Author: Ram, Ilana
Breastfeeding is considered the baby-feeding 'gold-standard' with the World Health Organization recommending exclusive breastfeeding for at least the first six months of life. Yet very low breastfeeding rates are reported worldwide. In this phenomenological exploration of breastfeeding, which is inspired by my own experiences as a long-term breastfeeding mother, I suggest that to account for this gap, breastfeeding should be explored holistically, from the nursing mother's perspective, as an embodied and relational commitment which can trigger ambivalence. I address this ambivalence through seven research questions. The first and overarching question asks: 1) What is the embodied experience of breastfeeding? This question is approached by asking 2) What are women's breastfeeding-related attitudes and expectations? 3) How does breastfeeding impact women's social lives? 4) Does breastfeeding require particular logistical or organizational considerations? 5) Do women feel support and inclusion in breastfeeding? 6) Do women find breastfeeding limiting and challenging? and 7) How do social, cultural, and political contexts affect breastfeeding? To answer these questions, I conducted six open-ended interviews with Israeli breastfeeding women whose life circumstances align with my own. Interview transcripts were analyzed phenomenologically to provide an emerging conceptualization of breastfeeding which I have categorized in terms of positive, negative and in-between experiences. This analysis revealed breastfeeding to have extensive impacts on women's lives, including bodily changes and attitudinal shifts, as well as having significant social, professional, and financial consequences. Given these implications, I propose that breastfeeding is an inherently complex, relational practice which can trigger ambivalence. This ambivalence is felt in conflicting sensations and emotions, thoughts and attitudes. Furthermore, while this ambivalence is influenced by external forces, it is felt subjectively and physically in how women come to see themselves. What is relationally and ecologically understood about breastfeeding is that the care for another can generate a complexly lived experience for the caregiver, yet this complexity is often unacknowledged. Thus the public promotion of breastfeeding as being 'best' in terms of baby-feeding is misaligned with women's lived experiences and therefore counterproductive in encouraging women to breastfeed.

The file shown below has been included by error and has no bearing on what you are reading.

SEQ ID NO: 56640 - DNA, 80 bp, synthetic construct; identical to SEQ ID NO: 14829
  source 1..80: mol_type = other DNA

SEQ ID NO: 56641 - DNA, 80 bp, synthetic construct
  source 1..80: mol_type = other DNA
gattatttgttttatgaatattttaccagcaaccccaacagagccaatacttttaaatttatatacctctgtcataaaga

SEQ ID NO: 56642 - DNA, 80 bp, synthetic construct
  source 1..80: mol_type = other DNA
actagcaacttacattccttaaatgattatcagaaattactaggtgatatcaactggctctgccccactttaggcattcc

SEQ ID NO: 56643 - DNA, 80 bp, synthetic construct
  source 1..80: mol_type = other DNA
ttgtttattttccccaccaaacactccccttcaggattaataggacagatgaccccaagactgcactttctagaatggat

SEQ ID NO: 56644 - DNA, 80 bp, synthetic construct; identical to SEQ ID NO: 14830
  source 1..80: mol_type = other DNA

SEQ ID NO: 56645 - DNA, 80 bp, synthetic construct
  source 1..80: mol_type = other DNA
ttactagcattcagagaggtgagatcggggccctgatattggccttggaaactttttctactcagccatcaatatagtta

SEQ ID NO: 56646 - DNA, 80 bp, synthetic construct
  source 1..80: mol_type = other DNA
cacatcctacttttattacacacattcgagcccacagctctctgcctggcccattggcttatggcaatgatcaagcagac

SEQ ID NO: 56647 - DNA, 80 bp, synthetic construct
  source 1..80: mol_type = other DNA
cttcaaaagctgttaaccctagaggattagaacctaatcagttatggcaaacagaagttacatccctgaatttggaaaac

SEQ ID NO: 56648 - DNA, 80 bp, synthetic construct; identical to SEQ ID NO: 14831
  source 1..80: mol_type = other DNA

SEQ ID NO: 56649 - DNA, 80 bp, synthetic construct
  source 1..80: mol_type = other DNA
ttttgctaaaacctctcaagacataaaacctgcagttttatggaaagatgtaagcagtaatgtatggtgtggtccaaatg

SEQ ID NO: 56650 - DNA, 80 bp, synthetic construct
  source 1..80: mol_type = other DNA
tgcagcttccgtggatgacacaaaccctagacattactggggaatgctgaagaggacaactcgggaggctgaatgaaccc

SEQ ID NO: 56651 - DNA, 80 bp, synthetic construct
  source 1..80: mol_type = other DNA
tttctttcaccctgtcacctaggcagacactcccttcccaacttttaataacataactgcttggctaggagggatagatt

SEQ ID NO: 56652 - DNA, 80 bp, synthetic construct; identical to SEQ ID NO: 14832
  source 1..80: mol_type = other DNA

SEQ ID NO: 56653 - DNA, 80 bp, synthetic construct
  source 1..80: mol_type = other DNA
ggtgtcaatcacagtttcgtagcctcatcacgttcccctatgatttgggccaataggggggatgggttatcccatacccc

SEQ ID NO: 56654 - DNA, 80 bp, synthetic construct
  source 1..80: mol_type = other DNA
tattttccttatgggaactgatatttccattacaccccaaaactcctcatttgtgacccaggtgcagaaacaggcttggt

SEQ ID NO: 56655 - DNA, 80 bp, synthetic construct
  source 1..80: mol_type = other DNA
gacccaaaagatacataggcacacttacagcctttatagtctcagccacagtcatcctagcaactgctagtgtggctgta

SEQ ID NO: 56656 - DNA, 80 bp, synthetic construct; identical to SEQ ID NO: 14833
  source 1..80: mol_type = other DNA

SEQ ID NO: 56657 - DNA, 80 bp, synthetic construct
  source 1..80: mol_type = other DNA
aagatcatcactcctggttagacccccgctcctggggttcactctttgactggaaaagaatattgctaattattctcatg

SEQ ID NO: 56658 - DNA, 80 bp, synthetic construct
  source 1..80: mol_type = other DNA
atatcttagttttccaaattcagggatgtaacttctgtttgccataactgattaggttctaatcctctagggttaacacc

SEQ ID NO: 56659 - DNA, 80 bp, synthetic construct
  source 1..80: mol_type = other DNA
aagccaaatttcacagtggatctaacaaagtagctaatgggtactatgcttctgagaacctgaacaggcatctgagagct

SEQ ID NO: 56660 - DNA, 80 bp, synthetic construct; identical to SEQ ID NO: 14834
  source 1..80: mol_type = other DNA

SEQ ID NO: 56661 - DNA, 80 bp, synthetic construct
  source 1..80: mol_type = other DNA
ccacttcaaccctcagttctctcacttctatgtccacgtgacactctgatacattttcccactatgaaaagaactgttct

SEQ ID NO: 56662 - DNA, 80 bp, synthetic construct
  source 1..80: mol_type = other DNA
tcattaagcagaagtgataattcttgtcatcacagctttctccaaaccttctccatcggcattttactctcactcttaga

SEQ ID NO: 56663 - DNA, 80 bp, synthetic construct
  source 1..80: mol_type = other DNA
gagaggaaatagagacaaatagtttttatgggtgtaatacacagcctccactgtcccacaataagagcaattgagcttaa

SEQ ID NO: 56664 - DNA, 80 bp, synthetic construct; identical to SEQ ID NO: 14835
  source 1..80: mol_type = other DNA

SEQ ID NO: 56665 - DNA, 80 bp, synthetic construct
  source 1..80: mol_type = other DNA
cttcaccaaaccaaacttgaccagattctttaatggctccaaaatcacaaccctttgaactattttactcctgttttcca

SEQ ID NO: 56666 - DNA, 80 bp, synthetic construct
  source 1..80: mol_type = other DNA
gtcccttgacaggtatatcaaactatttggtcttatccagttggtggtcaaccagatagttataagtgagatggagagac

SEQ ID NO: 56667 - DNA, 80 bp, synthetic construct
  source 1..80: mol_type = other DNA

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Thesis advisor: Smith, Stephen
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